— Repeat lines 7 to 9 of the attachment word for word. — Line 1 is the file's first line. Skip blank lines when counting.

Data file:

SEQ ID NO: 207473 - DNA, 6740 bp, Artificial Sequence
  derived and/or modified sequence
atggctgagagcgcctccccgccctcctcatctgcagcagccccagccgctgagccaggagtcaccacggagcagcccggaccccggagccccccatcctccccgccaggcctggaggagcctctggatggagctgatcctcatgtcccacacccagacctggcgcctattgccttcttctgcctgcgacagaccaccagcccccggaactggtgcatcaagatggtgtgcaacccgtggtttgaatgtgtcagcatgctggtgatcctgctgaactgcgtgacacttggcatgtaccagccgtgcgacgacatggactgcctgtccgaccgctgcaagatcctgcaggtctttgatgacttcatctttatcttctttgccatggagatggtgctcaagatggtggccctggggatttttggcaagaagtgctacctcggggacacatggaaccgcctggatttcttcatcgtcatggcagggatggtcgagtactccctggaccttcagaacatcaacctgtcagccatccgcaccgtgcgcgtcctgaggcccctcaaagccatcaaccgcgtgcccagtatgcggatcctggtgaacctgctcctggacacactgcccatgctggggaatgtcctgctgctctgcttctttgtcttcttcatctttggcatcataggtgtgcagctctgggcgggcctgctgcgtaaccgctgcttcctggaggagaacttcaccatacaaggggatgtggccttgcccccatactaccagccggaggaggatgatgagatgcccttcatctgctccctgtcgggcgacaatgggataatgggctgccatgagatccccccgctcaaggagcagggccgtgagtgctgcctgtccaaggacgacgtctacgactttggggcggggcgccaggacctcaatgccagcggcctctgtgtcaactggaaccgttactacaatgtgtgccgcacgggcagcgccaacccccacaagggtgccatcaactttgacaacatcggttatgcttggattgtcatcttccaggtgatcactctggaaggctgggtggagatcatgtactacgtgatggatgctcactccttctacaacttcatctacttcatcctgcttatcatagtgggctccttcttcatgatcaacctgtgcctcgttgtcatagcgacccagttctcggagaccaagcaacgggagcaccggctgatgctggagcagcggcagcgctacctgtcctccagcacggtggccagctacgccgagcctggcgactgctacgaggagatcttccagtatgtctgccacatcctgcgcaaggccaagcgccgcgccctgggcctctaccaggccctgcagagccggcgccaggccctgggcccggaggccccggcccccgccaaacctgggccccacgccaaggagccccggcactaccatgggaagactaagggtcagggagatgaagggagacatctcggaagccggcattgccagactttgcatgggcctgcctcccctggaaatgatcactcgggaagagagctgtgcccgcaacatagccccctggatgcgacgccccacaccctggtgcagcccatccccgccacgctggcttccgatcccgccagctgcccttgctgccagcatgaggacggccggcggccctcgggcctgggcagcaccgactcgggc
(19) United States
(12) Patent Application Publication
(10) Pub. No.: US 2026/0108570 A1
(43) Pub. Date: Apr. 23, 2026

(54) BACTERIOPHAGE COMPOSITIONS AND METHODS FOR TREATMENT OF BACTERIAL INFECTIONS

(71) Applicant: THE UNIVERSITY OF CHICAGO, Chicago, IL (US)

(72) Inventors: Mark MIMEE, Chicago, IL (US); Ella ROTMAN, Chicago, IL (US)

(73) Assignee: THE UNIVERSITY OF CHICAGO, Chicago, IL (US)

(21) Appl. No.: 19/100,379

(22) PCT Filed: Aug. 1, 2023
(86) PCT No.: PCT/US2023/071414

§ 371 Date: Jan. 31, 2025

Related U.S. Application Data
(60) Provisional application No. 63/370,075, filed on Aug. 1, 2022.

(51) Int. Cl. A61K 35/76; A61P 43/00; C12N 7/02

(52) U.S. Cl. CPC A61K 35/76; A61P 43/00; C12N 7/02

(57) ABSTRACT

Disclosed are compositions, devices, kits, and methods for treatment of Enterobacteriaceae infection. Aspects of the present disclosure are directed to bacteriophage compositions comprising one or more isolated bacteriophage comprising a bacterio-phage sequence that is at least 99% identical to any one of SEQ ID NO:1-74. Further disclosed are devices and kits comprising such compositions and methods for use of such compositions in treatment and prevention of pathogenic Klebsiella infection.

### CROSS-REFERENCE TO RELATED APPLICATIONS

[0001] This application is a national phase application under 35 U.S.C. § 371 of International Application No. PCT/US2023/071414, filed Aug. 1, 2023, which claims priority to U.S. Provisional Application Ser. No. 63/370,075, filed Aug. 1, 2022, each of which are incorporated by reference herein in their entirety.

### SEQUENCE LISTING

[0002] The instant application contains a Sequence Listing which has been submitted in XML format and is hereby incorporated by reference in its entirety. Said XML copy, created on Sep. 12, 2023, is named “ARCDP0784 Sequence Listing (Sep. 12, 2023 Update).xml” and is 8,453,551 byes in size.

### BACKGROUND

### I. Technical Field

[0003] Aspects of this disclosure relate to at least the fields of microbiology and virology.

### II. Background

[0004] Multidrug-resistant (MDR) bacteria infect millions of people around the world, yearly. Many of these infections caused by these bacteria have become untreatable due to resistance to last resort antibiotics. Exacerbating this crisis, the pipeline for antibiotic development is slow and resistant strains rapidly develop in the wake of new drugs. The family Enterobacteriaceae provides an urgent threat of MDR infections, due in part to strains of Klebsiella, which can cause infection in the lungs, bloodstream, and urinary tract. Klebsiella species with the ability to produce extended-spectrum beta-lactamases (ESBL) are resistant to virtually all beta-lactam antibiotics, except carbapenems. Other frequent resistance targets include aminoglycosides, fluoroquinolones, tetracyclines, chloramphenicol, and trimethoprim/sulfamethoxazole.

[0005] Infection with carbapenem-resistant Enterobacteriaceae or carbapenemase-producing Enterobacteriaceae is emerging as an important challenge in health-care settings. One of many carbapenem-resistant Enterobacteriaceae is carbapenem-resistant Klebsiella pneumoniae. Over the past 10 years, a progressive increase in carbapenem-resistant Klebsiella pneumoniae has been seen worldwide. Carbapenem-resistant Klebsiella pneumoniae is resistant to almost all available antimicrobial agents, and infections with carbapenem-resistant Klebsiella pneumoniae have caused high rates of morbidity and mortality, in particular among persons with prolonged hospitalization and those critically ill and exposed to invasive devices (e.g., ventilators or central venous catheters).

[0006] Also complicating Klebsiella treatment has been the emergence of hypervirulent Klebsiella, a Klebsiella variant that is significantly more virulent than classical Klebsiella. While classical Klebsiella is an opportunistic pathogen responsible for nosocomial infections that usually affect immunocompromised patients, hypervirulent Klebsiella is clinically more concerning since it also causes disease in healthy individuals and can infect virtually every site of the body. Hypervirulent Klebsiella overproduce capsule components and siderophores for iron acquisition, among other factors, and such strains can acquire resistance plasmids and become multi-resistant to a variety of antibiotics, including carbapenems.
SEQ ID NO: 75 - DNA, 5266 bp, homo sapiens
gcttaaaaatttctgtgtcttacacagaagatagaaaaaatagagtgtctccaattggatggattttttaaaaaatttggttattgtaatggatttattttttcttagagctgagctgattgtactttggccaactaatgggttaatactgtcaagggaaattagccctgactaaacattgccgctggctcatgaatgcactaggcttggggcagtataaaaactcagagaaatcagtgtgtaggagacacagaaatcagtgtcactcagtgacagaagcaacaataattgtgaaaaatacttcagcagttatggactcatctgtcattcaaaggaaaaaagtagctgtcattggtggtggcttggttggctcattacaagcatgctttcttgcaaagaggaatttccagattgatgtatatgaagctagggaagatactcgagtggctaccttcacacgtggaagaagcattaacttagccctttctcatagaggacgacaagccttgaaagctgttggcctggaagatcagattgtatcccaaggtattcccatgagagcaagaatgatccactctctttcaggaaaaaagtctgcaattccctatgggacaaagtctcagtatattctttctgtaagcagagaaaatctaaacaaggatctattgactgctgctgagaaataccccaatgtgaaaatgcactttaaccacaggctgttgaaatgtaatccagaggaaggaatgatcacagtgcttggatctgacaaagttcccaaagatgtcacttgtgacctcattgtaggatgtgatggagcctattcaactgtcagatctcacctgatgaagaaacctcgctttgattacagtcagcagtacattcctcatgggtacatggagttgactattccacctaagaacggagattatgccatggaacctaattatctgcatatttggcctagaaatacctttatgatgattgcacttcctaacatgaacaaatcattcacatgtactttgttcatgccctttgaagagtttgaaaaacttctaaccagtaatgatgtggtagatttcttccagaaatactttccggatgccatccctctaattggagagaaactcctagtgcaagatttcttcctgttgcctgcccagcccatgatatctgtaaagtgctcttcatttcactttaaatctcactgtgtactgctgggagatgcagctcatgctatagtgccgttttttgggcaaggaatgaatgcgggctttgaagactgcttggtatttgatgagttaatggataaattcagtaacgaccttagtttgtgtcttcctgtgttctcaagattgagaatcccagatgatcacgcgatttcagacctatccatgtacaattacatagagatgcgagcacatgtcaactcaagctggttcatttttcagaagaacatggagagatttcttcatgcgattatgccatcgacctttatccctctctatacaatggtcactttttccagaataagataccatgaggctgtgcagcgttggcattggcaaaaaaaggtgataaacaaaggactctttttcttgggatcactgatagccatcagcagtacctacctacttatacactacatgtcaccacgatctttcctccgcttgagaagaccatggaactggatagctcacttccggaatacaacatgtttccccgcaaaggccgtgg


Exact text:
(43) Pub. Date: Apr. 23, 2026

(54) BACTERIOPHAGE COMPOSITIONS AND METHODS FOR TREATMENT OF BACTERIAL INFECTIONS

(71) Applicant: THE UNIVERSITY OF CHICAGO, Chicago, IL (US)